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Found 7 results

  1. I 2nd the post earlier today on Nano Pro MT Products and Highly Recommend ! Their entire line is the Internet's Best Kept Automotive Secret. They used to be in Auto Zone however, now their products are available exclusively through their EBAY Store ( https://www.ebay.com/usr/nanopromt)! I purchased their Scheduled Maintenance 2-Pack of Coolant Additive (Nano Cool) and Oil Stabilizer for $34.98 and it was the best $35 bucks I ever spent! (https://www.ebay.com/itm/100-Authentic-Nano-Pro-MT-Oil-Stabilizer-Nano-Cool-Combo-Pack-Brand-New-2020/164031942138?hash=item263110cdfa:g:hRMAAOSwc7teHlYP) I've got to tell you, I'm thrilled about this Nano Pro MT Oil Additive. The very 1st thing I noticed was my truck had a ticking noise when it was accelerating or idling. That noise is gone! I ran it about 15 miles to work it through and I don't hear any trace of that noise anymore. Color me impressed! I have tried a few times to find anything that does what it claims to. You cant imagine how important my truck is to me. It's the thing that gets me from job to job. I swear it's the smoothest my vehicle has been in a very long time. FORD F-150 (153,738 Miles). Below is my current mileage and the Nano products I used! Do yourself a favor especially if you have a High Mileage vehicle and pick up a few bottles of this stuff! You won't be sorry!
  2. Hello, I am posting this question on behalf of my mother, regarding a 1994 Mazda Miata that she only drives once a week for short errands. The neighbor advised that she idle/run the engine for ten to fifteen minutes every few days to improve the health of the car. Lately she noticed the hood getting very hot during these sessions. The summer heat contributes but she thinks it is still too hot. The meter in the dashboard that gives a hot/cool reading points to just below halfway, after the engine has been idling for a while. When she drives a few minutes down the road for weekly errands the meter's dial will point to just below halfway between hot and cool, also. Is this normal? She will need to drive a half-hour trip soon and I want to be sure the car is fit to drive that far. Any help is appreciated!
  3. Hi all, I have an 2005 Mk2 Focus 1.6 petrol Ti-VCT which has the electronically controlled thermostat. I am struggling with overheating issues, I wonder if anyone has any good tips After seeing the typical symptoms (pressure cap opens after it can't take it anymore and coolant is released through the cap the rest boils) I have found that the thermostat does not open. There is no or barely any circulation through the radiator. The dashboard gauge inside raises to 75°C normally, but stays there even if temperatures are way above 100°C Just to cross out other possibilities: - Using a garden hose I flushed all lines through the engine, the hoses, the radiator, there is no blockage in the system - the water pump is in good condition and creates the require head pressure - de-airing valve seem to be working fine - thermostat has been replaced, same symptoms with the new one - coolant thermal sensor (on the other side of the engine) replaced, same symptoms with the new one - cylinder head is sound, not cracked (checked by mechanic + coolant is clear) - Expansion tank cap replaced So all I have left to assume is that the thermostat doesn't get the electronic control signal to open. This type of thermostat doesn't open just by itself if dipped in boiling water(tested). I followed the wires from the thermostat housing to the central box where a bunch of wires go and found no physical injury. I checked all the fuses (both fuse boxes) which I imagined might have a role in temperature or engine control, all sound. Is there anything I can do to find out more? Is there any way to fix this if the fault is in the central electronics? If everything else fails, does anyone have experience with using a conventional thermostat instead? It looks like the housing matches, anyone knows if it really does? Can it cause a problem in engine control if thermostat wires are not connected (as there is nowhere to connect them)? Temperatures is still a problem, the best conventional thermostat I could find opens at 92 °C while the original opens at 98 °C. It still might be okay I guess, if 92 is measured before the engine and 98 is originally measured after the engine at the thermal sensor, then close enough I assume. Any comments, tips appreciated!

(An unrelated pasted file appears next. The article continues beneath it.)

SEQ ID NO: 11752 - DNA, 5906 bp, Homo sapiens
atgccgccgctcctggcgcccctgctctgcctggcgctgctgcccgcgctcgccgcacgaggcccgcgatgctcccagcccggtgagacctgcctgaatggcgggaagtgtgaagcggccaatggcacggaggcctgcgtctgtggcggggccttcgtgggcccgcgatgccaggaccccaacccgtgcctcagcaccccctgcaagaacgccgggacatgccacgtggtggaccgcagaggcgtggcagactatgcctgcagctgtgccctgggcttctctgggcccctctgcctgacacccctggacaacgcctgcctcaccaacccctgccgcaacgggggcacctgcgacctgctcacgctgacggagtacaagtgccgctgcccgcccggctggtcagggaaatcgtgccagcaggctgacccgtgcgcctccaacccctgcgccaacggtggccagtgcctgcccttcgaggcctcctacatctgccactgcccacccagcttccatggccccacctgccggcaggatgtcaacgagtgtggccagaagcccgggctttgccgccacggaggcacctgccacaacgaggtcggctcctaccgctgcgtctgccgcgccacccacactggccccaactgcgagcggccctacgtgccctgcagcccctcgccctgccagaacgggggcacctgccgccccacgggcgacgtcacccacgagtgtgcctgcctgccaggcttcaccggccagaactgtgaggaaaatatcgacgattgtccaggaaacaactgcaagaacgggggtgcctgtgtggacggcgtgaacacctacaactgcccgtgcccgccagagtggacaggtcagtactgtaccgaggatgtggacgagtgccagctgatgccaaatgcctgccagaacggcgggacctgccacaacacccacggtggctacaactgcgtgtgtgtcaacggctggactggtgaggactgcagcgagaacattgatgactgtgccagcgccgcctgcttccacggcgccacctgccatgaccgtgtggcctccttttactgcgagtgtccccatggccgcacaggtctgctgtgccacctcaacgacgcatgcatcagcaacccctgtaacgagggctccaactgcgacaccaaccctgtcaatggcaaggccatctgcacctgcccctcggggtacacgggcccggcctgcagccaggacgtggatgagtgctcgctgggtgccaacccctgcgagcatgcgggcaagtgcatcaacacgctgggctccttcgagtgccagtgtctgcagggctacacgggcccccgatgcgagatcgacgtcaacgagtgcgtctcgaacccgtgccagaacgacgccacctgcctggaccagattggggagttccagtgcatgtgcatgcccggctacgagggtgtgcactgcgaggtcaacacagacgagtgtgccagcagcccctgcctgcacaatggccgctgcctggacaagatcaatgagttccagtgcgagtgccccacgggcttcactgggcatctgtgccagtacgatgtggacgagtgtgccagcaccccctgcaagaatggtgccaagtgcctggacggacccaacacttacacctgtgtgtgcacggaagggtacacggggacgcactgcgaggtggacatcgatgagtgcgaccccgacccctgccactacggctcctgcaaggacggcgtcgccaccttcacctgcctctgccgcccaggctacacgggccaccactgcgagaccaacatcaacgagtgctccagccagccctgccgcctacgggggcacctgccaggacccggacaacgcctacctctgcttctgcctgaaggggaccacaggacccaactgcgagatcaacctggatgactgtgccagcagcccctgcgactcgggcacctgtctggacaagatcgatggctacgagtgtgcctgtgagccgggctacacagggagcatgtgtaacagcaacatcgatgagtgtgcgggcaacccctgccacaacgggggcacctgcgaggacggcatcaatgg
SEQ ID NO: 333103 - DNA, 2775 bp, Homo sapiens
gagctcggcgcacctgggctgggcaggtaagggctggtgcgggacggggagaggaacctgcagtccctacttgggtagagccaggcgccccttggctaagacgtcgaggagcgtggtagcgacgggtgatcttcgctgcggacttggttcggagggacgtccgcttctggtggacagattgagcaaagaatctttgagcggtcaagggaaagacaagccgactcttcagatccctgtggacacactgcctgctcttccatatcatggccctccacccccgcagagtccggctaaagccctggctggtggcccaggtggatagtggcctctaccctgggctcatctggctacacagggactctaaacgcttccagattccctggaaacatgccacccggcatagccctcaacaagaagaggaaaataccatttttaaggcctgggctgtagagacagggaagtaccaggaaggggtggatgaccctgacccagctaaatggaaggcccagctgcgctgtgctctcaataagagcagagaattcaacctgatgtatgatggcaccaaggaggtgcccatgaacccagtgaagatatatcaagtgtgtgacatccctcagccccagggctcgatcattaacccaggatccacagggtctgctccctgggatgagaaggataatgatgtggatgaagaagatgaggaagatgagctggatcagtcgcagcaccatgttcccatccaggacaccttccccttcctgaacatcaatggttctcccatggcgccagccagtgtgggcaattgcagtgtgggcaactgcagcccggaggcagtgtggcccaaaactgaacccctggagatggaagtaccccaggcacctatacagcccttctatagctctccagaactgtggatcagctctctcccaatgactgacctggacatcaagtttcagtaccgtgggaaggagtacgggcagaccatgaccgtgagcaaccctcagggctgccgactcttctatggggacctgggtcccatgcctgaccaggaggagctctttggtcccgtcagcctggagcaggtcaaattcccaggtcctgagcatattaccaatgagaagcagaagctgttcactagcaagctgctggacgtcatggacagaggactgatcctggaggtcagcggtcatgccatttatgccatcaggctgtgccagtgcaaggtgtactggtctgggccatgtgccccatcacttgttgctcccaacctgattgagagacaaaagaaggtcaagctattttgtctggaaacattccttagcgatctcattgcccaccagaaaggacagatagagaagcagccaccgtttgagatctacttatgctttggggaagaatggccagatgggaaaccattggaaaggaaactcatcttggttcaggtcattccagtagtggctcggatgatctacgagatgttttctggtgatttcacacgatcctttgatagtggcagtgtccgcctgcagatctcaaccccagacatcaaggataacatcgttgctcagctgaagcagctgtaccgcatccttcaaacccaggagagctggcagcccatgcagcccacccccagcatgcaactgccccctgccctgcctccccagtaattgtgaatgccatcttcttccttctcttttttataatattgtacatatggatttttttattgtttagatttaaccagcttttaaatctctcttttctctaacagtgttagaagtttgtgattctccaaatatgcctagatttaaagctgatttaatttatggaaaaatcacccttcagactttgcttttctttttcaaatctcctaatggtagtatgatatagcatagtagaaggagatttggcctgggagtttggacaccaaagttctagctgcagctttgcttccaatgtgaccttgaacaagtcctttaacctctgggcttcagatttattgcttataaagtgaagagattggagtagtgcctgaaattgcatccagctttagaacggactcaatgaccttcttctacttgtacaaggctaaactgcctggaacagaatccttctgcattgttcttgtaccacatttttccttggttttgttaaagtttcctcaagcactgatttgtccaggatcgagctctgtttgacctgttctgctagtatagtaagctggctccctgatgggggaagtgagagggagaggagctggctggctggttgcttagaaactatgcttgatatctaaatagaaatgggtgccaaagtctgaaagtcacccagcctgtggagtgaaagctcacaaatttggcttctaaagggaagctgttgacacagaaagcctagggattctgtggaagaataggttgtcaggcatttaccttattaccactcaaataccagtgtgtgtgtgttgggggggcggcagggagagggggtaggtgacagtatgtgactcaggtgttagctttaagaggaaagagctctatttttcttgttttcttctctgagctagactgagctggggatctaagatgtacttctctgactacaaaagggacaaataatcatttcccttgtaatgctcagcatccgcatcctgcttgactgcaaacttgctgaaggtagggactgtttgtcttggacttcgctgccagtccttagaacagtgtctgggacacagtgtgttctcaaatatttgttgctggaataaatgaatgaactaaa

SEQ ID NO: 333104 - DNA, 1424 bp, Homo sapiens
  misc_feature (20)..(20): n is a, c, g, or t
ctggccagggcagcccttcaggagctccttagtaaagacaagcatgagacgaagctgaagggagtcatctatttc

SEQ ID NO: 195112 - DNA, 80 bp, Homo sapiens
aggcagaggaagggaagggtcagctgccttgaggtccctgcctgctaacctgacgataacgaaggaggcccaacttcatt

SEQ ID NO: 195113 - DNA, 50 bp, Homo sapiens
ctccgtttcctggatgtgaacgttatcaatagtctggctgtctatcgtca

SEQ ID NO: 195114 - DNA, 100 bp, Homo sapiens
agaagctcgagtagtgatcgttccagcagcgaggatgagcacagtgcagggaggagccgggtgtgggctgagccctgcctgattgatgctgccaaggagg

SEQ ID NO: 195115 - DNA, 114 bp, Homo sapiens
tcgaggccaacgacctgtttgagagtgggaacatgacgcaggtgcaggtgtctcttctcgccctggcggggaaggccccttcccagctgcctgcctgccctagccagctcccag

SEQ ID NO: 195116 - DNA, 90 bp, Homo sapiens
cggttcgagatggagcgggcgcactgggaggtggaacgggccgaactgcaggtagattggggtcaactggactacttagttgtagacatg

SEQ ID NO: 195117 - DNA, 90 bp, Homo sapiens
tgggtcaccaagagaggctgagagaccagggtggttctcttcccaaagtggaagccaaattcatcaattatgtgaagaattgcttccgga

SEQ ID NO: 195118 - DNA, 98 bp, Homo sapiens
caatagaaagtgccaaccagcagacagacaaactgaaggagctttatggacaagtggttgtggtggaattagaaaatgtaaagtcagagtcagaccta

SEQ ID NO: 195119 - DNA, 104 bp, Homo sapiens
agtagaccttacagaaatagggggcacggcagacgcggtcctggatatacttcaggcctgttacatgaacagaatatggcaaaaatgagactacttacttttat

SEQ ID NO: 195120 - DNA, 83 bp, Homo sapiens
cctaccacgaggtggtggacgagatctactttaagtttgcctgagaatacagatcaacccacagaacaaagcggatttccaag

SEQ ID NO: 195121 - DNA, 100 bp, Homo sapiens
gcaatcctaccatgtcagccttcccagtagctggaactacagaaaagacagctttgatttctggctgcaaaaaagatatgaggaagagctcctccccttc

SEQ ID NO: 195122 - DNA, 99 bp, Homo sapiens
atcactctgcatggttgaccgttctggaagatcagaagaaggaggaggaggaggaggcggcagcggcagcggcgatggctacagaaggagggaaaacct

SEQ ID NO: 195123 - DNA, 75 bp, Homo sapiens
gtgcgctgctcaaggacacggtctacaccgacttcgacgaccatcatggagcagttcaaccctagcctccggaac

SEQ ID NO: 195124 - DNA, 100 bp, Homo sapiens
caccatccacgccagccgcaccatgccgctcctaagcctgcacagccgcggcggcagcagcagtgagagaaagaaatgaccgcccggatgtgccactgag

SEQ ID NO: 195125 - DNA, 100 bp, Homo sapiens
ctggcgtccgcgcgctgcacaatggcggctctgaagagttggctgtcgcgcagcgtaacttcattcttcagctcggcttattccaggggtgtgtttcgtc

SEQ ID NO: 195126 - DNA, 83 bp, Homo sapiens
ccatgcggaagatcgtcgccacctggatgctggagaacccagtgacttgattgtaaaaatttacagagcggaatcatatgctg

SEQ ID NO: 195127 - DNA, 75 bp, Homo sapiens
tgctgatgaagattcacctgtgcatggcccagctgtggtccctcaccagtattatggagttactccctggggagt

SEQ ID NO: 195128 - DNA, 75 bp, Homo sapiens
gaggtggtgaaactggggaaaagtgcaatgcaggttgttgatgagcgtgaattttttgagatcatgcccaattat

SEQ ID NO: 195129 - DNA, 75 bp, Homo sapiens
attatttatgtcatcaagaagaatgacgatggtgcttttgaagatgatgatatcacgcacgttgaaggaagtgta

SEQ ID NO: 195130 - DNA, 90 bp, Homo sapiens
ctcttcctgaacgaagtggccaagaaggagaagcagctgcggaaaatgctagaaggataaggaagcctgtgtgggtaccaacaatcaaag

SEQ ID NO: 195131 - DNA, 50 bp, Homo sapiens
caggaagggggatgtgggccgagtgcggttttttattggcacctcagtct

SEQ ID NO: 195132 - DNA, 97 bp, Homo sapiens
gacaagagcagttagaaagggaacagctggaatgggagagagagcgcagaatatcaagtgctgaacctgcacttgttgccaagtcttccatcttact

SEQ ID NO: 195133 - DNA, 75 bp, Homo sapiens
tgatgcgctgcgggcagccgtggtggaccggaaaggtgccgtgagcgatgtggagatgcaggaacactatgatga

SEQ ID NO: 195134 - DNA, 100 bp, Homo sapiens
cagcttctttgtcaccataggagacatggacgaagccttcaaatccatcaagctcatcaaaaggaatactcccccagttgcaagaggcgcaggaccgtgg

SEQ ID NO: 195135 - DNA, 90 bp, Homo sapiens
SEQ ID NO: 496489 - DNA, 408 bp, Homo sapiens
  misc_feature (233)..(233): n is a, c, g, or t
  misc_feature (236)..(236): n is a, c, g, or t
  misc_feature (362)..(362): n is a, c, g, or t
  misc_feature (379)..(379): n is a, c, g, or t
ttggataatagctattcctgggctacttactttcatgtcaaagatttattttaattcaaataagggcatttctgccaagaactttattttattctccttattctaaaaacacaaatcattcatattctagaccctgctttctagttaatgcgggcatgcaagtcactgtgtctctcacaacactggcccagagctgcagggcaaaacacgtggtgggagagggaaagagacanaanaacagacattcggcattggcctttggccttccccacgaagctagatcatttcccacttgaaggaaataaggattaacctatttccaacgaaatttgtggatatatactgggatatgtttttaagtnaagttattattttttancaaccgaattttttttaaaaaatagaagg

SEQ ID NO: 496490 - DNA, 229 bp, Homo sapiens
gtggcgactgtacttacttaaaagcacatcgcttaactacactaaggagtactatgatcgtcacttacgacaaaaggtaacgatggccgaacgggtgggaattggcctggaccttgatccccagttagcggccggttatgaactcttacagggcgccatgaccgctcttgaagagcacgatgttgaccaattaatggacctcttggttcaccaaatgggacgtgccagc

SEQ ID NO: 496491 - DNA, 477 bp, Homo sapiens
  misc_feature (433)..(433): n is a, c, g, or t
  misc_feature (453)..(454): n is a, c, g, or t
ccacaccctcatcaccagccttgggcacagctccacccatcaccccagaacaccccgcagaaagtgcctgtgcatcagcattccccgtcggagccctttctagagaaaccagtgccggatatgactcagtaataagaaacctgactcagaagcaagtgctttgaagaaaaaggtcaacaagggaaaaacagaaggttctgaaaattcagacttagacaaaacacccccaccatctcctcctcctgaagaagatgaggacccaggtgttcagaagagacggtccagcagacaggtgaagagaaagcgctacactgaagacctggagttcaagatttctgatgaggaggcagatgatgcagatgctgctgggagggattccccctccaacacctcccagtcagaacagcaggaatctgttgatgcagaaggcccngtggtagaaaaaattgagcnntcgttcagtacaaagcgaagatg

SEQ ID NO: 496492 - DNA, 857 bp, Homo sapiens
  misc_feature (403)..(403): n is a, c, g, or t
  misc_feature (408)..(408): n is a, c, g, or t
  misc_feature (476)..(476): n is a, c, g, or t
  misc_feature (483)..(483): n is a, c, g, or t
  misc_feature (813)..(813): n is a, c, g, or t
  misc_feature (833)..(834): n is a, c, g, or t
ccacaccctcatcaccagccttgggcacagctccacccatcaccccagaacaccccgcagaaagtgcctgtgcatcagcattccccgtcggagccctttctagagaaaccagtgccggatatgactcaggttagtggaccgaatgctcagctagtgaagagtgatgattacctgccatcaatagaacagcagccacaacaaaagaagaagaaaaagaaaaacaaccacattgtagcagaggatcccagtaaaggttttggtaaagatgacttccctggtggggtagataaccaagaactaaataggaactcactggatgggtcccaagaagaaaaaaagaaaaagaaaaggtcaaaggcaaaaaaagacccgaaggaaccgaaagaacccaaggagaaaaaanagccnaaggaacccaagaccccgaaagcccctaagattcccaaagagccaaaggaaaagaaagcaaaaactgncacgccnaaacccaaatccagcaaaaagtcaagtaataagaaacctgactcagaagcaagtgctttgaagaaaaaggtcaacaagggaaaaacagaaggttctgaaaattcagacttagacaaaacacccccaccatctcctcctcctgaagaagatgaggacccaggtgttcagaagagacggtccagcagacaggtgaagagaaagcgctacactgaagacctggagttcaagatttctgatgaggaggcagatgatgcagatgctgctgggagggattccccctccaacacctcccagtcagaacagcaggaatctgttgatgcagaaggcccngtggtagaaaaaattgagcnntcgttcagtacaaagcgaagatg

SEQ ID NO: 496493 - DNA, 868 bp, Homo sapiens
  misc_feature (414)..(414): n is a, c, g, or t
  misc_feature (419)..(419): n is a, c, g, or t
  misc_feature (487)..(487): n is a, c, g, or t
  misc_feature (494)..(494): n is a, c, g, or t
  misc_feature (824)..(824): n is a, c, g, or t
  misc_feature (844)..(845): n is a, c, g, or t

4. I have a 2000 4Runner 4 cylinder, I changed the thermostat, radiator cap, and put in new coolant. After all that stuff it still keeps getting hot. What should my next steps be in trying to fix it?